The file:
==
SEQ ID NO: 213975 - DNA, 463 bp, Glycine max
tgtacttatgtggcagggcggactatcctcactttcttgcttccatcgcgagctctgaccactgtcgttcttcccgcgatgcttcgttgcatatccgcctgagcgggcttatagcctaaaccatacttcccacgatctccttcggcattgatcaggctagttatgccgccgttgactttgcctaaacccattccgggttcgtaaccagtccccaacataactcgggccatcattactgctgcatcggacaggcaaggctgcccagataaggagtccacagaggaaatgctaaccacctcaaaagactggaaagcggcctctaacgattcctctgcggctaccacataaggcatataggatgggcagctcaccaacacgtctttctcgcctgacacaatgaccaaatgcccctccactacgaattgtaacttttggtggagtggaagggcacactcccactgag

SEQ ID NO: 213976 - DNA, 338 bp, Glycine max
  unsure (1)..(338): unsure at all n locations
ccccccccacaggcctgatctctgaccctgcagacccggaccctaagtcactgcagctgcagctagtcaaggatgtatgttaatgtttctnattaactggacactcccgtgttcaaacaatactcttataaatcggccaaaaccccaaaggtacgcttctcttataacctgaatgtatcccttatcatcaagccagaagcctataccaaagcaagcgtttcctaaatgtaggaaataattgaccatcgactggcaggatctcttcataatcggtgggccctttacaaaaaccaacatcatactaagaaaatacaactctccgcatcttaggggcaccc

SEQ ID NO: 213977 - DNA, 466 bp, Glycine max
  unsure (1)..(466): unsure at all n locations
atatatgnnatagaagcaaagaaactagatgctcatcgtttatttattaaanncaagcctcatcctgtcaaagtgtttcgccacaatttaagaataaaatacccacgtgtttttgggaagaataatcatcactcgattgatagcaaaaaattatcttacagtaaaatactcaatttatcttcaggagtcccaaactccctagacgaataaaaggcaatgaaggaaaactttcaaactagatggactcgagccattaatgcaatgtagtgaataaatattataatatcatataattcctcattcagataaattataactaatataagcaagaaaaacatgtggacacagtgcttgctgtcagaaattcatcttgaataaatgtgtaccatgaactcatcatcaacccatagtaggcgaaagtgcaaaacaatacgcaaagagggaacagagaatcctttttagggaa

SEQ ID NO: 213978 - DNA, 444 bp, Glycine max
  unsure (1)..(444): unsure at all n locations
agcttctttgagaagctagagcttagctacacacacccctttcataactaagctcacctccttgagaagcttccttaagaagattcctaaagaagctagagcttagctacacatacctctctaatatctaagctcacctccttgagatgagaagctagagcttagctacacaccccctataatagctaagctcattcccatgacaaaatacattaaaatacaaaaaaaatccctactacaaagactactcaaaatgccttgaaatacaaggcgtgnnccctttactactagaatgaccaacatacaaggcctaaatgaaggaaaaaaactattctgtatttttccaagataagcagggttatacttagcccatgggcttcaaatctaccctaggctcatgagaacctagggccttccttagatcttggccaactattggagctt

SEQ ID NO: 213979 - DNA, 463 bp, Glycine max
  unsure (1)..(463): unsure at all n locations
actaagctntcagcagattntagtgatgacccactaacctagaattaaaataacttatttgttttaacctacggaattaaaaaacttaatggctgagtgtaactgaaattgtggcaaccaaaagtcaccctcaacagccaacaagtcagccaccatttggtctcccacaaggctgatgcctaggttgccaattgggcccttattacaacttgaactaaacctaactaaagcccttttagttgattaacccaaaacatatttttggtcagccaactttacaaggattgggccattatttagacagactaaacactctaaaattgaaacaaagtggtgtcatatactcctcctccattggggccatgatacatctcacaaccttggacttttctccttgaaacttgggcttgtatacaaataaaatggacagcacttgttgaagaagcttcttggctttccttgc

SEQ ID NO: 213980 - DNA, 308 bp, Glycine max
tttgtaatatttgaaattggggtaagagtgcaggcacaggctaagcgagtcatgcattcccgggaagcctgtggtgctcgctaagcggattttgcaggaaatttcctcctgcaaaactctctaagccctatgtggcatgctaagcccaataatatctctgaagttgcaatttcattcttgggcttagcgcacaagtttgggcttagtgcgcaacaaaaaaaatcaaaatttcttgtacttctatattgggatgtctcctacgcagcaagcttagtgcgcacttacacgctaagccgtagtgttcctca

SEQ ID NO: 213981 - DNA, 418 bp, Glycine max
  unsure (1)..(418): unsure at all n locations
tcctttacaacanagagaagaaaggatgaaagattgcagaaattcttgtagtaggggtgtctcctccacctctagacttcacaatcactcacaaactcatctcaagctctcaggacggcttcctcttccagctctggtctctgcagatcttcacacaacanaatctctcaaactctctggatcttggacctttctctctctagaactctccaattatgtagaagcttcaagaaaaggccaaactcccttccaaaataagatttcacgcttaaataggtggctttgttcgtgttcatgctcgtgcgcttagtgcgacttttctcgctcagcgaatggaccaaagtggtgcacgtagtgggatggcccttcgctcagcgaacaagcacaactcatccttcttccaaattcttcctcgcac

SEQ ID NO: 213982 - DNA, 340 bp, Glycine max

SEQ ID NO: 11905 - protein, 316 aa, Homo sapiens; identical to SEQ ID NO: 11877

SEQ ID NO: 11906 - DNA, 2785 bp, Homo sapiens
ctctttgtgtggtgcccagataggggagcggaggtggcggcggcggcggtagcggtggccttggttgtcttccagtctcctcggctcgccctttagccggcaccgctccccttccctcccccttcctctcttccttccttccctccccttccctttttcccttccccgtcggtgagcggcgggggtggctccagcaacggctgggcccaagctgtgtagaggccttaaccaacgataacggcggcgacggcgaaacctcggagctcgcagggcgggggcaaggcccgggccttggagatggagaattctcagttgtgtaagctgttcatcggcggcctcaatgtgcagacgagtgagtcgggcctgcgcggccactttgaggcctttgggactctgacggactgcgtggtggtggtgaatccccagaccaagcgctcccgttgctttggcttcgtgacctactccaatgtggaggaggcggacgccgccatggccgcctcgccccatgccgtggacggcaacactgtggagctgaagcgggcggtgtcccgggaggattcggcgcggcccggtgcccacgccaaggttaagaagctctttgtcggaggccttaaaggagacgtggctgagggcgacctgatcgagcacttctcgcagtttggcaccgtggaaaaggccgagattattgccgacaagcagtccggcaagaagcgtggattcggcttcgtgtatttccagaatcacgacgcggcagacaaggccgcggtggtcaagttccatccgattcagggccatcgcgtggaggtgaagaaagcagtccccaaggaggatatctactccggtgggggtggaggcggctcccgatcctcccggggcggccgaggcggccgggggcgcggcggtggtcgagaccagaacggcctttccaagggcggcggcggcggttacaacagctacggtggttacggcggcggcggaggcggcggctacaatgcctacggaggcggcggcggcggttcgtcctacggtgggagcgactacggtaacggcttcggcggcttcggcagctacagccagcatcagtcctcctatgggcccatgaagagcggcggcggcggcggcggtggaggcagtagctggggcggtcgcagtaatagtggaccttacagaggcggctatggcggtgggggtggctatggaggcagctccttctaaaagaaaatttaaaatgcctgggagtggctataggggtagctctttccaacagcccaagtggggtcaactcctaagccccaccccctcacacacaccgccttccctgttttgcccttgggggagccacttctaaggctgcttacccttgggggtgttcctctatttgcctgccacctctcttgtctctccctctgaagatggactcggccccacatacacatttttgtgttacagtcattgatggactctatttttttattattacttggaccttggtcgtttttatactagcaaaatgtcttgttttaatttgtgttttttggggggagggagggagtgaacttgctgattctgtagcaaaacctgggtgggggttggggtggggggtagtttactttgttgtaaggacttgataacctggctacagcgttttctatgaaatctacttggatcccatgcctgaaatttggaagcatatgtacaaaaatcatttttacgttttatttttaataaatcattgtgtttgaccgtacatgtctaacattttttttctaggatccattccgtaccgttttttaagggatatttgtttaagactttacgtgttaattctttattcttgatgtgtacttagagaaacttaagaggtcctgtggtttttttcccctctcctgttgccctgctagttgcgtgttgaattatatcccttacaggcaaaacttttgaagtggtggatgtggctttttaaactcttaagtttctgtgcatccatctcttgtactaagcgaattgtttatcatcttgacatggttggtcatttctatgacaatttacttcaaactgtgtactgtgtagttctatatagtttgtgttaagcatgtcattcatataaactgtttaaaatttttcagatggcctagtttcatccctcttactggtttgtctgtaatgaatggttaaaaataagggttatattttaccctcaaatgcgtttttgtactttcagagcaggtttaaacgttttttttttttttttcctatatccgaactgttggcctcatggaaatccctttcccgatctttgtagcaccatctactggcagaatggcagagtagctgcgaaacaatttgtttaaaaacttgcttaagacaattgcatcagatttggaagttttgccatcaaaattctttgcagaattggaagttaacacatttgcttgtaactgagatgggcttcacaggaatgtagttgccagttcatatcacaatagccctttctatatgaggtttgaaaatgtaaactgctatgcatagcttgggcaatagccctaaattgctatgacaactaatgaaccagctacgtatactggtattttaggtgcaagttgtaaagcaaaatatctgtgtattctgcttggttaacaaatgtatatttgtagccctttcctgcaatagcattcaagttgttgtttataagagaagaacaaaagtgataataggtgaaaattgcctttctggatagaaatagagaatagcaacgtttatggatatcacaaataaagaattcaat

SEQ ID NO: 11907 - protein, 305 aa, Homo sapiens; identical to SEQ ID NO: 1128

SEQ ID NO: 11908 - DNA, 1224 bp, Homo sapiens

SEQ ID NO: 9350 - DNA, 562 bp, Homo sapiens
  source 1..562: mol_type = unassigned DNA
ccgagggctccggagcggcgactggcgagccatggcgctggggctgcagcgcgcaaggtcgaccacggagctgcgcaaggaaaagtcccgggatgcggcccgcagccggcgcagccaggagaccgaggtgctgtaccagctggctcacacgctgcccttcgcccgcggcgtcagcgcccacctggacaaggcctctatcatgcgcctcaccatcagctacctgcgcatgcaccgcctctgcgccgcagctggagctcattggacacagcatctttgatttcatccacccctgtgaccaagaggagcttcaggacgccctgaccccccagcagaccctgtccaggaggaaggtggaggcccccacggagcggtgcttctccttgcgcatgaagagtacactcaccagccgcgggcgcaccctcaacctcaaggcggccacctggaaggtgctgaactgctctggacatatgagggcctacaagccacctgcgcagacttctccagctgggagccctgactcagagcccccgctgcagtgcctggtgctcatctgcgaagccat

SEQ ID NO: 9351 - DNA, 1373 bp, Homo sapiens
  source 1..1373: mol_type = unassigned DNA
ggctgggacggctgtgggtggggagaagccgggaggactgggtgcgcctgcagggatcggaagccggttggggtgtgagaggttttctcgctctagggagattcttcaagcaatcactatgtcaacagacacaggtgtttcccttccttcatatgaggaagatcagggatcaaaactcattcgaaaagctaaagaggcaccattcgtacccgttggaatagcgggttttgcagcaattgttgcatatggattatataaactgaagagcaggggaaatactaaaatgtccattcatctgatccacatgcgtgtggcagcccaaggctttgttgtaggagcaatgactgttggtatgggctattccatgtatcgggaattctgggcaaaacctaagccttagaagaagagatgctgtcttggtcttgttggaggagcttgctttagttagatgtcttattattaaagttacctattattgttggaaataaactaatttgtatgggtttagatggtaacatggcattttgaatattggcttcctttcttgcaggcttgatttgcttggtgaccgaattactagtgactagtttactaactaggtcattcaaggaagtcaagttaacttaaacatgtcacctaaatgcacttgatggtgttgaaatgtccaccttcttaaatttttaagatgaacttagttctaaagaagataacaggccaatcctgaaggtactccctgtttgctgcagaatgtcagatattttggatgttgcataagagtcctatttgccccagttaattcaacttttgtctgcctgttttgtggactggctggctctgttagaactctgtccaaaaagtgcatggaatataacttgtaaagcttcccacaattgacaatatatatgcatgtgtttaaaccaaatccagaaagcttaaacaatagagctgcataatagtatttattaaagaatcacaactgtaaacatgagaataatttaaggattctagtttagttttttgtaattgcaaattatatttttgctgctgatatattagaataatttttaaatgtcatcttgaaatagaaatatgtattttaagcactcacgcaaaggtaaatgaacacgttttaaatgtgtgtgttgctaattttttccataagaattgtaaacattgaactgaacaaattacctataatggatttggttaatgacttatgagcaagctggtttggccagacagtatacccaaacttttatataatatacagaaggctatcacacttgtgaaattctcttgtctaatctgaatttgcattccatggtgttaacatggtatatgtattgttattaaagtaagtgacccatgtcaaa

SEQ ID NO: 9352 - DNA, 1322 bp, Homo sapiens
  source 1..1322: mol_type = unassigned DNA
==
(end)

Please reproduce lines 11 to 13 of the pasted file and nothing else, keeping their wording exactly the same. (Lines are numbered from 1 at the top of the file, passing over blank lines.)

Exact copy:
agcttctttgagaagctagagcttagctacacacacccctttcataactaagctcacctccttgagaagcttccttaagaagattcctaaagaagctagagcttagctacacatacctctctaatatctaagctcacctccttgagatgagaagctagagcttagctacacaccccctataatagctaagctcattcccatgacaaaatacattaaaatacaaaaaaaatccctactacaaagactactcaaaatgccttgaaatacaaggcgtgnnccctttactactagaatgaccaacatacaaggcctaaatgaaggaaaaaaactattctgtatttttccaagataagcagggttatacttagcccatgggcttcaaatctaccctaggctcatgagaacctagggccttccttagatcttggccaactattggagctt

SEQ ID NO: 213979 - DNA, 463 bp, Glycine max
  unsure (1)..(463): unsure at all n locations